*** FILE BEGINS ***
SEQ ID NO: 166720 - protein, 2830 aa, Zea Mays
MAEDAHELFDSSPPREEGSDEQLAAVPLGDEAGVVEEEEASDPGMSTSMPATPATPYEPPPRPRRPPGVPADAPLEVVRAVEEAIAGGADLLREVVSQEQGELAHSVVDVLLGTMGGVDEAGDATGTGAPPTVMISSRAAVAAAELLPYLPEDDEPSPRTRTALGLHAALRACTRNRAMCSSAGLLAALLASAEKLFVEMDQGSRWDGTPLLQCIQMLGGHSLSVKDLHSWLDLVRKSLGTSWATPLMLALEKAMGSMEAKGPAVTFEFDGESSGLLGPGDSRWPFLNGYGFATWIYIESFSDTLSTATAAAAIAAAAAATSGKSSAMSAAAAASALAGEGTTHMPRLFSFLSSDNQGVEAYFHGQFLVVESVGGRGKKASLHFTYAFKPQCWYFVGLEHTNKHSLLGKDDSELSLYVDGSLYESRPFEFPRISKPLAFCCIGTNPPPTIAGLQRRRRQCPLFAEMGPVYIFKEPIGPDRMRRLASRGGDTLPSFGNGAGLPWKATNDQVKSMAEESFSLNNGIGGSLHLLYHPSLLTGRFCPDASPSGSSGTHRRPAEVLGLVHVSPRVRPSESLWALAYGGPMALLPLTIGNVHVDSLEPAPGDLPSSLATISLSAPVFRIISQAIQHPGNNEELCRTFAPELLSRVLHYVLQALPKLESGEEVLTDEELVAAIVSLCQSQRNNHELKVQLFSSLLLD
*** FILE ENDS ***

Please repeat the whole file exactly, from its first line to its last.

SEQ ID NO: 166720 - protein, 2830 aa, Zea Mays
MAEDAHELFDSSPPREEGSDEQLAAVPLGDEAGVVEEEEASDPGMSTSMPATPATPYEPPPRPRRPPGVPADAPLEVVRAVEEAIAGGADLLREVVSQEQGELAHSVVDVLLGTMGGVDEAGDATGTGAPPTVMISSRAAVAAAELLPYLPEDDEPSPRTRTALGLHAALRACTRNRAMCSSAGLLAALLASAEKLFVEMDQGSRWDGTPLLQCIQMLGGHSLSVKDLHSWLDLVRKSLGTSWATPLMLALEKAMGSMEAKGPAVTFEFDGESSGLLGPGDSRWPFLNGYGFATWIYIESFSDTLSTATAAAAIAAAAAATSGKSSAMSAAAAASALAGEGTTHMPRLFSFLSSDNQGVEAYFHGQFLVVESVGGRGKKASLHFTYAFKPQCWYFVGLEHTNKHSLLGKDDSELSLYVDGSLYESRPFEFPRISKPLAFCCIGTNPPPTIAGLQRRRRQCPLFAEMGPVYIFKEPIGPDRMRRLASRGGDTLPSFGNGAGLPWKATNDQVKSMAEESFSLNNGIGGSLHLLYHPSLLTGRFCPDASPSGSSGTHRRPAEVLGLVHVSPRVRPSESLWALAYGGPMALLPLTIGNVHVDSLEPAPGDLPSSLATISLSAPVFRIISQAIQHPGNNEELCRTFAPELLSRVLHYVLQALPKLESGEEVLTDEELVAAIVSLCQSQRNNHELKVQLFSSLLLD